A STATE Government pilot project in the Wheatbelt aims to turn run-off stormwater into a valuable asset for local towns.
Agriculture and Food Minister Terry Redman said the $2million project, funded through the State Government’s Royalties for Regions program, would implement schemes to capture, store and reuse stormwater in selected towns.
“The stormwater reuse pilot project will allow these selected towns to implement well-designed run-off harvesting systems for use on their local amenities, such as parks and sports ovals,”
Mr Redman said.
“Many rural communities are faced with an annual dilemma where they can’t afford high-cost scheme water for irrigation in summer, but neither can they allow the grass on their well-utilised and highly valued community sportsgrounds to die.”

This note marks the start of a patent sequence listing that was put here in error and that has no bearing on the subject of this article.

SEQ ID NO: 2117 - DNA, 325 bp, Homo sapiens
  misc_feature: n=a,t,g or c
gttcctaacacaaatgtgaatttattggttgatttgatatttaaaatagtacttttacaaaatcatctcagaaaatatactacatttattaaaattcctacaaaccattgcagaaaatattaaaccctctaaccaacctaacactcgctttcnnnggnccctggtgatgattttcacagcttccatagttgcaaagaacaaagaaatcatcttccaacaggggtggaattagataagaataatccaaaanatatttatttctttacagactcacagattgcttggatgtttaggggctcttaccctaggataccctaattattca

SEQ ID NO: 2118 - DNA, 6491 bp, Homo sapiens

Regional Development Minister Brendon Grylls said stormwater capture and reuse would supplement scheme water use to maintain sportsgrounds.
“Community sporting clubs will no longer be purely dependent on scheme water to maintain the grounds, which are a significant source of local identity and pride,” Mr Grylls said.
The project will be delivered by the Wheatbelt Natural Resource Management in partnership with the Department of Agriculture and Food.
The two-year pilot project will focus on four or five priority towns.
The selection of towns will be based on specific criteria, including an existing stormwater management plan.